The tests done in the blood bank are serological, i.e., they involve the interaction of antibody (in serum) with antigens (on red cells) and result in hemagglutination. Hemagglutination will result if serum contains an antibody specific for a red cell antigen, and the two are brought together under the optimal test conditions.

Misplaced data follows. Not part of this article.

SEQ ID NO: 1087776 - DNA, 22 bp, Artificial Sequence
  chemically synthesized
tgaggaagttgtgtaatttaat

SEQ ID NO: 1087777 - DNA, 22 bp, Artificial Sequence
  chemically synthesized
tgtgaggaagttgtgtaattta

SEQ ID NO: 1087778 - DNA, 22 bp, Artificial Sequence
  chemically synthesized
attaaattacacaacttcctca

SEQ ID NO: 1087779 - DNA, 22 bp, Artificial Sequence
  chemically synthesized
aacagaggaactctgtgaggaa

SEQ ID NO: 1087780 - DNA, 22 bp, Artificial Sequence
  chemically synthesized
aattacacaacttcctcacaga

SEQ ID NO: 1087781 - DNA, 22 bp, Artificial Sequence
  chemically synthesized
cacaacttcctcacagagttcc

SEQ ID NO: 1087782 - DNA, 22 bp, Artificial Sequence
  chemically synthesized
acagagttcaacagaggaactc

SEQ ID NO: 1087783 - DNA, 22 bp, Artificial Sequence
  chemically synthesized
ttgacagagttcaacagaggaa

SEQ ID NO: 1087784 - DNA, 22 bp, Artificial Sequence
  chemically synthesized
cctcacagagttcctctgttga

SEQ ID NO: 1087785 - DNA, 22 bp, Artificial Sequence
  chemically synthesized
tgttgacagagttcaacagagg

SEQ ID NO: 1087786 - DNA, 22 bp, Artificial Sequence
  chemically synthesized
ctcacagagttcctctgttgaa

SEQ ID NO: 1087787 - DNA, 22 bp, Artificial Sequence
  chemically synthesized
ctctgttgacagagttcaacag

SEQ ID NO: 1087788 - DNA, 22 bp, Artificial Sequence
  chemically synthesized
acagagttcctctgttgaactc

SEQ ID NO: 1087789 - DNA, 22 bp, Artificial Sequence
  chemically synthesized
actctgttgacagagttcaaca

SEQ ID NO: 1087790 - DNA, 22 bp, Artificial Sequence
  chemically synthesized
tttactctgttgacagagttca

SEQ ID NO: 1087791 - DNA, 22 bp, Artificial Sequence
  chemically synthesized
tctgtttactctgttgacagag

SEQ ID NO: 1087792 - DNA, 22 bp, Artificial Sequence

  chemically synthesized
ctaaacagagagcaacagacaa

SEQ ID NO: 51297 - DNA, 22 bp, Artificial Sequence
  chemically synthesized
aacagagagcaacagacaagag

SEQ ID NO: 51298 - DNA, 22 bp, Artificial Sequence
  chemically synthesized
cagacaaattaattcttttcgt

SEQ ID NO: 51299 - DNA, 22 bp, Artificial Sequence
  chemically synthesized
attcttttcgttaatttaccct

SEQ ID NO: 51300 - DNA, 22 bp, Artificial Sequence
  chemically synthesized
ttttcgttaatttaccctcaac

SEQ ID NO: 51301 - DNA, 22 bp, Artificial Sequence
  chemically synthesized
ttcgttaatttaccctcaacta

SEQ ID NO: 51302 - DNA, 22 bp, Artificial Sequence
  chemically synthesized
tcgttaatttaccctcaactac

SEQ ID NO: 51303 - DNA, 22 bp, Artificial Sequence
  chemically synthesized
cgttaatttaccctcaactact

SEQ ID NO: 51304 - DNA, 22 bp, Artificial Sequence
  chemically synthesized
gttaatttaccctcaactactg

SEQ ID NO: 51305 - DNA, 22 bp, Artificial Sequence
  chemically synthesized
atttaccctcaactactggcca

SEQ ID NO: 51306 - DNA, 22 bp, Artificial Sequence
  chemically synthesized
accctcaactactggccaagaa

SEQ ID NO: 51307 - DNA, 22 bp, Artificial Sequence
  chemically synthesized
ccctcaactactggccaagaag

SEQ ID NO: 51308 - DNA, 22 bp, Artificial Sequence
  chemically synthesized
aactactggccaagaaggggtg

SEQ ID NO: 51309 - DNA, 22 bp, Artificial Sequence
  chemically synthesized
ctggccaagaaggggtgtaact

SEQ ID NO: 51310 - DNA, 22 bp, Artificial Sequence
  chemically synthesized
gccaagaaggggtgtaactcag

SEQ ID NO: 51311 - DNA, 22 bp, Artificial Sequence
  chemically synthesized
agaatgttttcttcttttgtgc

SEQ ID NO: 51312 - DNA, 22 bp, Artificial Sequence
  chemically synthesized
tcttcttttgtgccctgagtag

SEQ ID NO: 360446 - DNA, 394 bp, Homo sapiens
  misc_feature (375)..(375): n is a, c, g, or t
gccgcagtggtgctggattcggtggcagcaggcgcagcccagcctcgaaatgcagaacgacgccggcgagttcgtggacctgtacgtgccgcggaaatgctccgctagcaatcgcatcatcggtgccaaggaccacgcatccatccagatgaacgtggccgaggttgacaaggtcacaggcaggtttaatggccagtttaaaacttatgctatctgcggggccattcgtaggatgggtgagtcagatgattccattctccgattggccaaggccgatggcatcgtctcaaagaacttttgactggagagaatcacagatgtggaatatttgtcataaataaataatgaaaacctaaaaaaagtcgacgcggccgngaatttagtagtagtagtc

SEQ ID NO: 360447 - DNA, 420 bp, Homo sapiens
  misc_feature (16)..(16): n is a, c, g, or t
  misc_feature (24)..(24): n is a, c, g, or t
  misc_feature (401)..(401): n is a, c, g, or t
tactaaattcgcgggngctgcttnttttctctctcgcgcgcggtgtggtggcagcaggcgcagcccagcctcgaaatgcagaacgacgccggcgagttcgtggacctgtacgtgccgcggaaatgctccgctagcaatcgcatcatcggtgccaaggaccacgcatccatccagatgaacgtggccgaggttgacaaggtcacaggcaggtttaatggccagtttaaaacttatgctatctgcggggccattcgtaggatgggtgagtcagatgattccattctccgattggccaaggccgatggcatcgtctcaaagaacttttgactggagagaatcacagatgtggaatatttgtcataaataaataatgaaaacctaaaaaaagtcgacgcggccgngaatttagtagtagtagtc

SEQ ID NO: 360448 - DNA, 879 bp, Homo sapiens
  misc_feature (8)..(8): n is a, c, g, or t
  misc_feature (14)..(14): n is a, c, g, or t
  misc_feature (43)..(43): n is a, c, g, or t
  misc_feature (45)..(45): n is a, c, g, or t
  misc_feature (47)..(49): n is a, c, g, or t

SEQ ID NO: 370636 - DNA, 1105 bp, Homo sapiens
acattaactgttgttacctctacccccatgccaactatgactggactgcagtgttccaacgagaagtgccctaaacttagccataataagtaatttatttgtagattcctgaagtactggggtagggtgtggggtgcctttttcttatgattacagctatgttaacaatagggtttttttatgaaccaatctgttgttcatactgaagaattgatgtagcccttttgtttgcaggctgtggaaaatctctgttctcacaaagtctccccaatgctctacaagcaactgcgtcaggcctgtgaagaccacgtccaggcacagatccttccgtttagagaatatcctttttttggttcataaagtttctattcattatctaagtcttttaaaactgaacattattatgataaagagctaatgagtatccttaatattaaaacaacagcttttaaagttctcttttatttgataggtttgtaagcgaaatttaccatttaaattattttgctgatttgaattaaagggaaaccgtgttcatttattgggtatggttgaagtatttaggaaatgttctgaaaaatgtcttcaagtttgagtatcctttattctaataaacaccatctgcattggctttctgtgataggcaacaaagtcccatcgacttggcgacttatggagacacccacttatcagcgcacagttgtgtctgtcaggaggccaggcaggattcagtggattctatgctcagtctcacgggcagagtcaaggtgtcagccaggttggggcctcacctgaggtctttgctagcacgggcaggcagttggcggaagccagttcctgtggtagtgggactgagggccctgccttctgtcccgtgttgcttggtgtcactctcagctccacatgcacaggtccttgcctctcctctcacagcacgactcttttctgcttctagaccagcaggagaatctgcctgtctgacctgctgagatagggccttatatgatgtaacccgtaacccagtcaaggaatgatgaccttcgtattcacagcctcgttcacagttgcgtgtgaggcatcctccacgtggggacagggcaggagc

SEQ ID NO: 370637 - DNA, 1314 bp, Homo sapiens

Hemagglutination tests done in test tubes are graded (from 4+ to 1+). They are read macroscopically, often with the aid of a lighted magnifying mirror. Some laboratories also read negative tests (especially antiglobulin tests) microscopically.
In blood banking, antibodies to red cell antigens may be IgM, IgG, or IgA. IgA antibodies are rare, and if present, usually occur with either IgM or IgG. Sometimes red cell antibodies with a single specificity are just IgM, sometimes they are just IgG, and sometimes they are both IgM and IgG.